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WHOOPI, JERRY, BLONDIE AND CLIO: Whoopi Goldberg, Jerry Seinfeld and Blondie’s Deborah Harry and Chris Stein brought some star power to the advertising industry’s version of the Oscars, namely the 55th annual CLIO Awards.

This story first appeared in the October 3, 2014 issue of WWD. Subscribe Today.

Cipriani’s atmospheric space on Wall Street in New York played host to the event, which included a three-course dinner, a slew of speeches from ad execs and a short performance by Aloe Blacc, who performed his hit “The Man.”

The more lively moments of the night came from Goldberg, who hosted the show, as well as from fellow comedian Seinfeld, who was there to accept an award.

“In here tonight are some of the most seductive marketers on Earth,” said Goldberg. “You guys could talk the life savings out of a nine-year-old girl. You make a man cry over itch cream. Itch cream! You persuade an adult woman to buy a beauty product called Nad’s. F–k Vladimir Putin, that’s real power.”

Later, Blondie singer Harry and guitarist Stein accepted a CLIO for music. The crowd gave the duo a standing ovation after it watched a montage of commercials using the band’s music.

“I’m here to say we have new music,” Harry deadpanned, as she grasped the shiny statuette.

After nearly two hours, it was finally time for Seinfeld, who closed the event with an acceptance speech for his honorary CLIO that poked fun at the advertising industry.

“This is the award they give you when they don’t actually think you can win one, but they think you’ve done a pretty good job and seem to have been around for quite some time, and that’s how I got it,” he said with CLIO in hand. “I love advertising because I love lying, and in advertising, everything is the way you wish it was. I don’t care that it won’t actually be like that when I actually get the product being advertised because, in between seeing the commercial and owning the thing, I’m happy, and that’s all I want. Tell me how great the thing’s going to be — I want it. I don’t need to be happy all the time. I just want to enjoy the commercial. I want to get the thing. We know the product is going to stink. We know that because we live in the world, and we know that everything stinks. We all believe: ‘Hey, maybe this one won’t stink?’ We are a hopeful species — stupid but hopeful.”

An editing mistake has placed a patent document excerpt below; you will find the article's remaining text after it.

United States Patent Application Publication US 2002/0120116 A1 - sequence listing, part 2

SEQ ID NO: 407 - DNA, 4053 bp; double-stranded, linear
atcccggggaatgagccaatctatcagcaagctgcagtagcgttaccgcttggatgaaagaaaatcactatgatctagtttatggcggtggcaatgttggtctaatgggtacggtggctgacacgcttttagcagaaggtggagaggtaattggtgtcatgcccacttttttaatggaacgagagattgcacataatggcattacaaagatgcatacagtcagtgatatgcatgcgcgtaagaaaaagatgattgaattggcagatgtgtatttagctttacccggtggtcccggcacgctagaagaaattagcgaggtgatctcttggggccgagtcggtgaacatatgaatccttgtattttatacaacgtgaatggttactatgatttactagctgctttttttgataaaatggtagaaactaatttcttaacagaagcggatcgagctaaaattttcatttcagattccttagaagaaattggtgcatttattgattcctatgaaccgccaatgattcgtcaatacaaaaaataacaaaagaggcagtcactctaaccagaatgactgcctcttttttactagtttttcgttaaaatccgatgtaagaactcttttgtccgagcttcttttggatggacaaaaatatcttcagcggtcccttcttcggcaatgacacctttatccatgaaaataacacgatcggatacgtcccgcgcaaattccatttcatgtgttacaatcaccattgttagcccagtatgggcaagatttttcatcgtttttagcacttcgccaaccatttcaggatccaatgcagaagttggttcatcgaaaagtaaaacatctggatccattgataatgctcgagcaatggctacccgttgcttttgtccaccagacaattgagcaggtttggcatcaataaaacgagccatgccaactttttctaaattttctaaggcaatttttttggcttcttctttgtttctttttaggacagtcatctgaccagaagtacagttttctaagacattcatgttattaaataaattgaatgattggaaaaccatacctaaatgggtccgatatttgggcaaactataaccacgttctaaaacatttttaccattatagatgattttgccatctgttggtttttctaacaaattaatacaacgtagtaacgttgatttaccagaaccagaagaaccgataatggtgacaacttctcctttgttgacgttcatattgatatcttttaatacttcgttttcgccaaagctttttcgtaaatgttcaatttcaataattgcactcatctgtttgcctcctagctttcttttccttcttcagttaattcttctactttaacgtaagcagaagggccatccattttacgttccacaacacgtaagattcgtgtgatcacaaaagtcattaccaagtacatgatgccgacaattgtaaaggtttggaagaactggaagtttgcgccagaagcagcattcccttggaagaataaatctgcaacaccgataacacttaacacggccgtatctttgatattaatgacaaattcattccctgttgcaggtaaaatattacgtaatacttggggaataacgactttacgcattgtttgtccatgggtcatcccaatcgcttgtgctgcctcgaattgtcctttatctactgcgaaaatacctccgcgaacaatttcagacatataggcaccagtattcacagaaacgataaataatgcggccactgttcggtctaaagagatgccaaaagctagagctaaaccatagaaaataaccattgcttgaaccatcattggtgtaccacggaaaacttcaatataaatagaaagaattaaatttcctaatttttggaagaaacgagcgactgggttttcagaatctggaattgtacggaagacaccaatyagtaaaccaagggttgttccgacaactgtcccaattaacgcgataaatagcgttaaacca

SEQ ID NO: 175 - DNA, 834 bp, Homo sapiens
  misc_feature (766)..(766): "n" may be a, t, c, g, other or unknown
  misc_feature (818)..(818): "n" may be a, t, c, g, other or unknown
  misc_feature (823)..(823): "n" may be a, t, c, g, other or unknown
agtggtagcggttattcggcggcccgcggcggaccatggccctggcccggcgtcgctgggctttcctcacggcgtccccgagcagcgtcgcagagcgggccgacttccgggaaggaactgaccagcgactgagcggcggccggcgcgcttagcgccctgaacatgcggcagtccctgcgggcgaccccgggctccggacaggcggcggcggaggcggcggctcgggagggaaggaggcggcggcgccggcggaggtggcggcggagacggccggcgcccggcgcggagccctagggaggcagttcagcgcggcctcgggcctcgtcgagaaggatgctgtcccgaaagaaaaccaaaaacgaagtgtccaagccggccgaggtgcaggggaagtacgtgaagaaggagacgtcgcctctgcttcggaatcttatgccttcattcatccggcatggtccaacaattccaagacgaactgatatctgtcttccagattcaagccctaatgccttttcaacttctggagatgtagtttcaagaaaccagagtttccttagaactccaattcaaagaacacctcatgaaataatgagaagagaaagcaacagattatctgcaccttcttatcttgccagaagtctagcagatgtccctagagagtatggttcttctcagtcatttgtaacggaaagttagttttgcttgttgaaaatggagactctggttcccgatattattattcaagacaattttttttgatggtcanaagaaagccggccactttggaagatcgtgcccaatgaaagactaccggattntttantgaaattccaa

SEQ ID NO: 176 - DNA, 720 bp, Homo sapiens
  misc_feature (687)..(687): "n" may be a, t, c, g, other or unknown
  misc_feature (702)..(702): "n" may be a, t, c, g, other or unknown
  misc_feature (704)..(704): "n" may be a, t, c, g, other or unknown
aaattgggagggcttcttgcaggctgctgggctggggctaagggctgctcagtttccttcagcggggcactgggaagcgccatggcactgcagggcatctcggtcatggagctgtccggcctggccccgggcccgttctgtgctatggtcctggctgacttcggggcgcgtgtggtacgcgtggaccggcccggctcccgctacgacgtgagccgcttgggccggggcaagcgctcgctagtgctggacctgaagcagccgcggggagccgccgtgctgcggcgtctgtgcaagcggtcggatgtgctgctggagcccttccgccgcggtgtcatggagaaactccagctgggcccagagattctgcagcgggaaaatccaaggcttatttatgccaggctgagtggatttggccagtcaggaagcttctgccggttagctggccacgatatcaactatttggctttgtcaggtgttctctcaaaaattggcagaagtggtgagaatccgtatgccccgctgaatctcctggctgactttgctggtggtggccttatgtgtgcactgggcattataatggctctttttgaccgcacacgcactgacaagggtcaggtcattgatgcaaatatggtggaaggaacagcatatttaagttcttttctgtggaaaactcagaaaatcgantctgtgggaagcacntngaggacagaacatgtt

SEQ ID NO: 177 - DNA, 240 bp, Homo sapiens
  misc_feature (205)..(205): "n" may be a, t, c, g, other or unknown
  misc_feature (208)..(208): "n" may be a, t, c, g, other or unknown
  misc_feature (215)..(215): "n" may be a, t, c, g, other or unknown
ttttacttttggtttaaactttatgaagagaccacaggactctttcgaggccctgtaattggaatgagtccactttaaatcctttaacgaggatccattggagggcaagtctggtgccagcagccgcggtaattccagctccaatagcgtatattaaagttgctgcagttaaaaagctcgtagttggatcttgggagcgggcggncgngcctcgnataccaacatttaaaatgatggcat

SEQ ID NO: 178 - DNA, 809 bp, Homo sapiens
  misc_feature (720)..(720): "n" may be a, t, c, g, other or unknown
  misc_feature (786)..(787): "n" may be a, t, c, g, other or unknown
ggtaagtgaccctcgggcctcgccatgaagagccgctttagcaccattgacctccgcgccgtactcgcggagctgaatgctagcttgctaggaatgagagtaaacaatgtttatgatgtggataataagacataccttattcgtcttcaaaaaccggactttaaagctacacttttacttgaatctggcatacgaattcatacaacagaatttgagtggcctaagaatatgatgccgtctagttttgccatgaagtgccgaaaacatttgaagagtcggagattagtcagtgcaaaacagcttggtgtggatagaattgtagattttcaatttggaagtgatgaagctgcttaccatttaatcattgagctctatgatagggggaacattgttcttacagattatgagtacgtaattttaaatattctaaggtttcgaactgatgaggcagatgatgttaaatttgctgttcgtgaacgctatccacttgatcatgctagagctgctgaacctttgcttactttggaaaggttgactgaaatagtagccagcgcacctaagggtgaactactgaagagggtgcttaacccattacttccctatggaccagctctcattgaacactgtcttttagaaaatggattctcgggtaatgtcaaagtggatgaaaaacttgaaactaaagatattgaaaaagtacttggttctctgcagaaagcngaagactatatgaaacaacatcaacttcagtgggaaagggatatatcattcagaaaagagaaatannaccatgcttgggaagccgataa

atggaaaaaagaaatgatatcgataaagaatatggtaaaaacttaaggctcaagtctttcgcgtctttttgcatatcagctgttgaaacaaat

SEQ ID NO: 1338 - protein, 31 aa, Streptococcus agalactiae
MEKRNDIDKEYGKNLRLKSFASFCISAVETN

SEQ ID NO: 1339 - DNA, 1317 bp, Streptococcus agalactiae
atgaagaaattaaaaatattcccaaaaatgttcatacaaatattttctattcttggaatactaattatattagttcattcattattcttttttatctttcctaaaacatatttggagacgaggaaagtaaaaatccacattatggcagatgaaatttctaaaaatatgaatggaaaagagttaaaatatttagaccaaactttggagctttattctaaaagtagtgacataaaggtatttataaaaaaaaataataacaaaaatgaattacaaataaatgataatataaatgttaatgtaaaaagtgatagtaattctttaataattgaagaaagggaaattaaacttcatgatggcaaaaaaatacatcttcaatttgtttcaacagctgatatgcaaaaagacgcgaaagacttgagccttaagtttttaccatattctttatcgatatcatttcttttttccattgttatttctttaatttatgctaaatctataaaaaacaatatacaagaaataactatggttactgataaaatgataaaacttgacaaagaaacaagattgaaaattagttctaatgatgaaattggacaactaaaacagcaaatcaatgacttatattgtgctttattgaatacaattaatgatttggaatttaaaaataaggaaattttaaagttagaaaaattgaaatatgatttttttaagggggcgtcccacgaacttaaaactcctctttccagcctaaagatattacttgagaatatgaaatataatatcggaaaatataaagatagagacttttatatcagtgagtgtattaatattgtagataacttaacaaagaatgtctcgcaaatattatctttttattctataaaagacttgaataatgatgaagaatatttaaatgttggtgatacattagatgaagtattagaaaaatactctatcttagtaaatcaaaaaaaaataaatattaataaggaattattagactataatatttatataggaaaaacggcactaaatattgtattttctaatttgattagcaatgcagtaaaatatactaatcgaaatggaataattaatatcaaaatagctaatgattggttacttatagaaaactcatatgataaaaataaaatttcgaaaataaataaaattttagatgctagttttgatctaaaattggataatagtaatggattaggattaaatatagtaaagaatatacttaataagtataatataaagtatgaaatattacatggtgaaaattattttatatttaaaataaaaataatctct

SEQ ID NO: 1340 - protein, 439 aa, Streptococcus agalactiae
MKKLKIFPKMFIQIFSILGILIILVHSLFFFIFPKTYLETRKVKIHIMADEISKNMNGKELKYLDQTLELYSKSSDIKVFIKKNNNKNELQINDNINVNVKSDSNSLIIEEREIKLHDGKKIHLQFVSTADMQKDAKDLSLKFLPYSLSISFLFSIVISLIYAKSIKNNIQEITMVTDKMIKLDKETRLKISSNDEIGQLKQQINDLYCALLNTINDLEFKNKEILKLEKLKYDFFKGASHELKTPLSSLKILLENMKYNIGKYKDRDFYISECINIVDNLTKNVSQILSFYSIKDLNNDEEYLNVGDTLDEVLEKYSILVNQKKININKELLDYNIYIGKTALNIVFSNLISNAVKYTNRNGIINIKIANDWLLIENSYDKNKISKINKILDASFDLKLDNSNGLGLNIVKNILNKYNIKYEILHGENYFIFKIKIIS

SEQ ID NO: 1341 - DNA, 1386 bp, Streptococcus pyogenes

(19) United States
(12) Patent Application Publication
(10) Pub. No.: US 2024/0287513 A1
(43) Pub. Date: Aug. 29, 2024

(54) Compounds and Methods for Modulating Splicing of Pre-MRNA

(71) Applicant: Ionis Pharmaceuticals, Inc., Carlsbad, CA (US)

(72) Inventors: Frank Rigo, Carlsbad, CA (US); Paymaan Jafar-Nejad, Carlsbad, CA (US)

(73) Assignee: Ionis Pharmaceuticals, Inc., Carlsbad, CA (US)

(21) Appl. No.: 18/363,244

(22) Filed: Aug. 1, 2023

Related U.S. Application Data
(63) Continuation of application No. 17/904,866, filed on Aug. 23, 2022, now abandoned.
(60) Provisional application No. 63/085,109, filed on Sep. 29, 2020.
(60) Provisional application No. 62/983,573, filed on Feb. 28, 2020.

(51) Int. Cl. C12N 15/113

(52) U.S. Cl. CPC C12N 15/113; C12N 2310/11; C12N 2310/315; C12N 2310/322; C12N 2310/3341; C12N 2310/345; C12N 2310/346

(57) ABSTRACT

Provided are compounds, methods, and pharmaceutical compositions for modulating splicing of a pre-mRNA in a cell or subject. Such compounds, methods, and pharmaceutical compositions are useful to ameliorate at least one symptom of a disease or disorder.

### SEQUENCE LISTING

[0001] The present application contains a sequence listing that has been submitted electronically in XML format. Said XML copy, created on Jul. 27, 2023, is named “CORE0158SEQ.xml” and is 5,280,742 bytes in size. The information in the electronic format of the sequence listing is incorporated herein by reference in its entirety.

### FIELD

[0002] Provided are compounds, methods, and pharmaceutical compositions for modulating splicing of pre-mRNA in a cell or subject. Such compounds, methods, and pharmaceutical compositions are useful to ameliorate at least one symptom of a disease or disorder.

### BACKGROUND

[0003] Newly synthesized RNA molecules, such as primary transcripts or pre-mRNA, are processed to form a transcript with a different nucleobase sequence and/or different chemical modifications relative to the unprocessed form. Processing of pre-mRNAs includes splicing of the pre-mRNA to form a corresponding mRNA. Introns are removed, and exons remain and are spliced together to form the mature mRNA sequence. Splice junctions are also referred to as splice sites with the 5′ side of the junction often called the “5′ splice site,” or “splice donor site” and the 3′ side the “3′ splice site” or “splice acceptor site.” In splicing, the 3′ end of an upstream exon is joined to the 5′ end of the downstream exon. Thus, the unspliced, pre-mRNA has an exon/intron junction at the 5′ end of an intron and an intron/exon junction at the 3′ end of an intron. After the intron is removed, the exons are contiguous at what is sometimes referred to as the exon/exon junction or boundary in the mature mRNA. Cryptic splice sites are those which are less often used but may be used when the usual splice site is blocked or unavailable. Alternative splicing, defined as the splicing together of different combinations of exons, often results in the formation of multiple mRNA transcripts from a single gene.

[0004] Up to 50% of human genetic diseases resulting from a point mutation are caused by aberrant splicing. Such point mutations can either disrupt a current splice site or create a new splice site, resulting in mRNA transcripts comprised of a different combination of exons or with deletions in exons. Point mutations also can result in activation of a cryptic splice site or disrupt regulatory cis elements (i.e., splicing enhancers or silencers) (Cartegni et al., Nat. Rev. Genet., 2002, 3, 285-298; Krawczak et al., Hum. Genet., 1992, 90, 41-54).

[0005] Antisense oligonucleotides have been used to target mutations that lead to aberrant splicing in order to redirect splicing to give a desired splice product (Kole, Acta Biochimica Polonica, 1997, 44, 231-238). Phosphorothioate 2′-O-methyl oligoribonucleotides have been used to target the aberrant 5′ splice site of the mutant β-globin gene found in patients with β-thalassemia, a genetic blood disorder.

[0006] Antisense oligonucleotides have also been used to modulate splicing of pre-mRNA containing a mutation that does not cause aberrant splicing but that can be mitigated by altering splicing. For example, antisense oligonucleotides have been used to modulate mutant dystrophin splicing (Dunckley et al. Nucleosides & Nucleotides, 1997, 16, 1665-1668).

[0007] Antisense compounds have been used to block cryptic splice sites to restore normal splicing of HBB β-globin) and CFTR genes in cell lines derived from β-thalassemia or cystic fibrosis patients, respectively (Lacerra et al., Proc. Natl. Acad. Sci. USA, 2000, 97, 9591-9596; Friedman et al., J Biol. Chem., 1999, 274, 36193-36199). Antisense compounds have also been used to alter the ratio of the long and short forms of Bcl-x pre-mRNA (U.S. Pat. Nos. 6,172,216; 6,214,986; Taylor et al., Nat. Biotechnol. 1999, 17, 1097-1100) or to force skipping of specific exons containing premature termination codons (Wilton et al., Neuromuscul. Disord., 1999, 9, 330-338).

His circuitous meditation on materialism drew laughter from the audience, and then he took it a step further.

“I think spending your life trying to dupe innocent people out of hard-earned earnings to buy useless, low-quality, misrepresented items and services is an excellent use of your energy because a brief moment of happiness is pretty good,” said Seinfeld. “Thank you all for this great honor and for all your great work. I hope it makes you happy, as you have made me happy for these five minutes of my life, which will last until I get to the edge of this stage and it hits me that this was all a bunch of nonsense.”

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